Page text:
They wanted to count the homeless in Modesto, but police sweep beat them to it

Volunteers fanned out across Stanislaus County on Thursday to count the homeless, but there was a complication in Modesto: The city posted notices in Beard Brook Park on Saturday and again on Monday that it would remove the homeless camps Thursday, and that’s what it did.

Jeanette Fabela — one of the count leaders and the county’s housing and supportive services manager — said volunteers came across fewer homeless people at Beard Brook and two other parks the city recently cleared of homeless camps.

She is concerned that could lead to fewer homeless people being counted, which she said could reduce the federal funding that agencies which work with the homeless receive. The most recent award was for $3.23 million.

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These are called point-in-time counts and are conducted annually in late January across the country as part of applying for the funding. Fabela said some of the homeless at Beard Brook were upset and did not want to provide answers to questionnaires, which provides those who help them with critical information.

Modesto has stepped up how many park cleanups it conducts since it formed its Homeless Engagement and Response Team (HEART) in July, doing them at least weekly. The team consists of a police officer and firefighter who work with the homeless to get help.

Modesto had been doing two park cleanups a week but cut back to once a week because of staffing and logistical reasons, said Lt. Rigo DeAlba, one of the supervisors of the Police Department’s beat health unit, which includes HEART.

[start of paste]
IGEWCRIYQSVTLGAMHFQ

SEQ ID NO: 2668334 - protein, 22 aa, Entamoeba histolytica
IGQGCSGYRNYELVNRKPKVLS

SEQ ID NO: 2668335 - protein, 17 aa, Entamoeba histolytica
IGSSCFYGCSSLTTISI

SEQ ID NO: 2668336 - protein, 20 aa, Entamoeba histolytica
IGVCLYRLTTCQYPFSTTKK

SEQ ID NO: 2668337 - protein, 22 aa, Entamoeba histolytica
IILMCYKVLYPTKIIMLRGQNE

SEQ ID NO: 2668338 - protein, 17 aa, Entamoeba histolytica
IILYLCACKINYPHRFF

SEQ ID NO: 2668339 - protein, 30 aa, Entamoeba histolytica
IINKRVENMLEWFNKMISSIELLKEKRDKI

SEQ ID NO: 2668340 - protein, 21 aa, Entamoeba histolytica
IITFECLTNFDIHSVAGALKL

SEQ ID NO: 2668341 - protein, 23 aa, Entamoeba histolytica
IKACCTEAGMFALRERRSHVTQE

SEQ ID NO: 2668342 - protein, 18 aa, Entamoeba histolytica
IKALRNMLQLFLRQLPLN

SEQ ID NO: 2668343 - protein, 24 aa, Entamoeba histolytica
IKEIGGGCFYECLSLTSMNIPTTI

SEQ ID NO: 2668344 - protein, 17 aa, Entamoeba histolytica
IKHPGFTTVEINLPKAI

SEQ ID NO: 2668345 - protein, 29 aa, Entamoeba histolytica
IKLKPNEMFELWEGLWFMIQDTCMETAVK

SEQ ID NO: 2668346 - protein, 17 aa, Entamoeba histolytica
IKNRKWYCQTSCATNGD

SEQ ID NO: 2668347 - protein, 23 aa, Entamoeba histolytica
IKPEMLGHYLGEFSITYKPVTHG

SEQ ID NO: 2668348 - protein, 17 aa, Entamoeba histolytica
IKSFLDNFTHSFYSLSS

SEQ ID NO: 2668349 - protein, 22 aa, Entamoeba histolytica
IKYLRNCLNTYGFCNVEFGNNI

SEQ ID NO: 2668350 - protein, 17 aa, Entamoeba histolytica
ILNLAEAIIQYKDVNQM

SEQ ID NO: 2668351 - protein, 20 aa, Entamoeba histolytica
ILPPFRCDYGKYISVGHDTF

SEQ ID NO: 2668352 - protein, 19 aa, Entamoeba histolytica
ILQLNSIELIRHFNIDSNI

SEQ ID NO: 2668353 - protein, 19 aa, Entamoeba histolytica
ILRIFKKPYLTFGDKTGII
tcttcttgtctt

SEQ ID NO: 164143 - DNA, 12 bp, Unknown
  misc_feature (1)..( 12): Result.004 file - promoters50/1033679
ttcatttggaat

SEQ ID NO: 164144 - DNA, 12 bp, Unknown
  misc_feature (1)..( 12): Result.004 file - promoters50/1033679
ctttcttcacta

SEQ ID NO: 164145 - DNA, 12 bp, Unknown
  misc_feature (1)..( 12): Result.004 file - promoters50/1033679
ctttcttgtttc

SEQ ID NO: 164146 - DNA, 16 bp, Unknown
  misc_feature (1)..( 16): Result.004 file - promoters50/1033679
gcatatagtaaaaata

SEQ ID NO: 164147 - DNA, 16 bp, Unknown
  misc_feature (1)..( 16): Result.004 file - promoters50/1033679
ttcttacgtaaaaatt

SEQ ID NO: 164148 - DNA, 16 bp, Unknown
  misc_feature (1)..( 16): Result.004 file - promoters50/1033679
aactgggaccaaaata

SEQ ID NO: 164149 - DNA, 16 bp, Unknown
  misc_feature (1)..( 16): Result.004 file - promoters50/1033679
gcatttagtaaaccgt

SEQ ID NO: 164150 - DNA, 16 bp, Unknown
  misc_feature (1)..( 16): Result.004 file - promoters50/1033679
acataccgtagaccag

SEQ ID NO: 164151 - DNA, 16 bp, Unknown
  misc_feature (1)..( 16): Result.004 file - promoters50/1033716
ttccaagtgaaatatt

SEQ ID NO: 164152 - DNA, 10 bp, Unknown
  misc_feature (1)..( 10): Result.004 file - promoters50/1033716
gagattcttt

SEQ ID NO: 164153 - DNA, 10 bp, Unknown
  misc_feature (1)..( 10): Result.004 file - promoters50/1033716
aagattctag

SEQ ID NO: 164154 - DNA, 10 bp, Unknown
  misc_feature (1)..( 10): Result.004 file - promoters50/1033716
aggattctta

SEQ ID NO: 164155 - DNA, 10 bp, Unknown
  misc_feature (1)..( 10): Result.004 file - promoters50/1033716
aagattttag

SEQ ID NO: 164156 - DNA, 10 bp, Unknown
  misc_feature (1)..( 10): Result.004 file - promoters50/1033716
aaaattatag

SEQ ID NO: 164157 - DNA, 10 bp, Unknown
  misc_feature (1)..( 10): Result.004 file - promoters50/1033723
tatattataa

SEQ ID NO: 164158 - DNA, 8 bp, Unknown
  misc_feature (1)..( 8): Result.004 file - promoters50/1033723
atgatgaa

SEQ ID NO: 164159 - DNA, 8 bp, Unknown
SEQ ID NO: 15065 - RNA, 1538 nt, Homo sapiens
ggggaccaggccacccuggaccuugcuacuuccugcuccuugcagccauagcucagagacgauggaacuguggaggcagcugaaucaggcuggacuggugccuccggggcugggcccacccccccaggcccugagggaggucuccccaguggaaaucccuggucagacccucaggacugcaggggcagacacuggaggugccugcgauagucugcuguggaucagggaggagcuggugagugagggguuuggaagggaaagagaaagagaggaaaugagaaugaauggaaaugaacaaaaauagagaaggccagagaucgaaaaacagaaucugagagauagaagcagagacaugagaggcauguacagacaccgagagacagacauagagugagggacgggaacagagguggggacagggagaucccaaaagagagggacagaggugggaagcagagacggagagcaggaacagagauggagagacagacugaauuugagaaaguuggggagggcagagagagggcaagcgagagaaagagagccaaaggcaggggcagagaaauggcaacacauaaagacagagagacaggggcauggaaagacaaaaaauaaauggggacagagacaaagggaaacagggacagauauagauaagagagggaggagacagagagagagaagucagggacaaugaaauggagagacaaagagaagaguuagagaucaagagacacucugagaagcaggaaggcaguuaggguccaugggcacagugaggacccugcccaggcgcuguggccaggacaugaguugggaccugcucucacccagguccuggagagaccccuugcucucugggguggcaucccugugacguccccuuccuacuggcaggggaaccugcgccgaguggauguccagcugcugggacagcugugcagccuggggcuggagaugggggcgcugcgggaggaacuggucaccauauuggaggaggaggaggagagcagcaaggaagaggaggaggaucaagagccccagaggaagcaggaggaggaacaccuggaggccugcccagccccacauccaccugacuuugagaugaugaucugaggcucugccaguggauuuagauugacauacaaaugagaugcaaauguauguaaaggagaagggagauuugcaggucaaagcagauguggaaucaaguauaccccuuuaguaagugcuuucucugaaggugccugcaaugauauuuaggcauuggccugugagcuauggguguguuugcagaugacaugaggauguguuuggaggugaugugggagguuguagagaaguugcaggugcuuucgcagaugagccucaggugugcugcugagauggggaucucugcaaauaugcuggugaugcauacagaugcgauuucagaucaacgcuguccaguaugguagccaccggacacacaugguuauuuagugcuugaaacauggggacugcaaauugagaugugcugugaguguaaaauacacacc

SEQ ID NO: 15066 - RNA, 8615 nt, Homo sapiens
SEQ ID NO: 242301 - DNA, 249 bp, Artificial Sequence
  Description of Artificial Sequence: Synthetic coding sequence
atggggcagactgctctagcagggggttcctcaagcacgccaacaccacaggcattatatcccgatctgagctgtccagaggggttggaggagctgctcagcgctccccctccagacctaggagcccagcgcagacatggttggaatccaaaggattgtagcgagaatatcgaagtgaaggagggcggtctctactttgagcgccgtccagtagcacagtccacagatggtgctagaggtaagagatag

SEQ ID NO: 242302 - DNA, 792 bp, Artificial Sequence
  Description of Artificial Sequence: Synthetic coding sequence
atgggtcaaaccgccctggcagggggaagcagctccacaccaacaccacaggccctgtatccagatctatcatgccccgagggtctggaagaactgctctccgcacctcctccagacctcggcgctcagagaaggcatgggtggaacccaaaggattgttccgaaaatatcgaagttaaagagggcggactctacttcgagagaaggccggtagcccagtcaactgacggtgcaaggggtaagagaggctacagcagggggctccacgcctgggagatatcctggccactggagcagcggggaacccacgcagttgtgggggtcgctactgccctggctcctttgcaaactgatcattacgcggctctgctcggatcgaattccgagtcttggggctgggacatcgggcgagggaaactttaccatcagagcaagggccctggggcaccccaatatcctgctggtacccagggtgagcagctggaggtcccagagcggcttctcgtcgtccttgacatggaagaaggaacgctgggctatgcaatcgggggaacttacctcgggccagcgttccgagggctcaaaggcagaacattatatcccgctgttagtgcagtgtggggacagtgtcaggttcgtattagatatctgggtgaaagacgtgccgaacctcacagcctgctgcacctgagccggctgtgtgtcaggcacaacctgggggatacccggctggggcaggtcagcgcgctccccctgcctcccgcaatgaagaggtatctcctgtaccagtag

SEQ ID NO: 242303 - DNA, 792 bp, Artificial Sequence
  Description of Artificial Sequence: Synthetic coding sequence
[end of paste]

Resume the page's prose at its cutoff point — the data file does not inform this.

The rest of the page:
Fabela said the Police Department and the Homeless Engagement and Response Team have been great partners in the effort to help the homeless. But she wished there had been better communication about the Beard Brook cleanup. She said she learned about it this week.

While the city did the Beard Brook cleanup Thursday, it moved the time to after the homeless count.

“I think this was a miscommunication and a lack of coordination among the agencies,” she said.

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A Modesto police community service officer stands by as City of Modesto park crews cleanup a campsite where homeless people were living Thursday morning January 25, 2018 in Beard Brook Park in Modesto, Calif. Joan Barnett Lee

City spokeswoman Heather Graves said when officers posted notices the second time Monday they had homeless outreach workers with them to work with the homeless in the park. She said that effort resulted in three homeless people getting housing and one went to live with family. Graves said the city also removed homeless camps at Dryden Park Golf Course on Thursday.

But one 50-year-old homeless woman who said she has lived in and near Beard Brook for two years, said she and her fiancé now have nowhere to go. “This is the second time we’ve been thrown out of here,” Jenell Vierra said. She said she won’t go to a shelter because she has two dogs.

There could be tension between the effort to help the homeless and the city’s stepped up effort to clear city parks of homeless camps and the trash and debris they can generate. But Modesto is being swamped by complaints about the homeless.

Reports of quality of life crimes — which mostly involve homeless people — have spiked, from 1,696 in 2012 to 4,514 last year, according to the Police Department. These crimes include vagrancy, littering, being drunk in public, urinating or defecating in public, and camping in city parks.

Police Chief Galen Carroll said in an interview for another story that these crimes increased after 2011’s prison realignment in which the state started diverting a significant number of people from state prisons to county jails and state laws that reduced some drug and property crimes from felonies to misdemeanors.

But Carroll also has said moving the homeless from a park is like squeezing a balloon. Last year’s count turned up 1,661 homeless people, including 1,221 in Modesto. And there are not enough shelter beds and other housing for the homeless, though there are efforts underway to change that.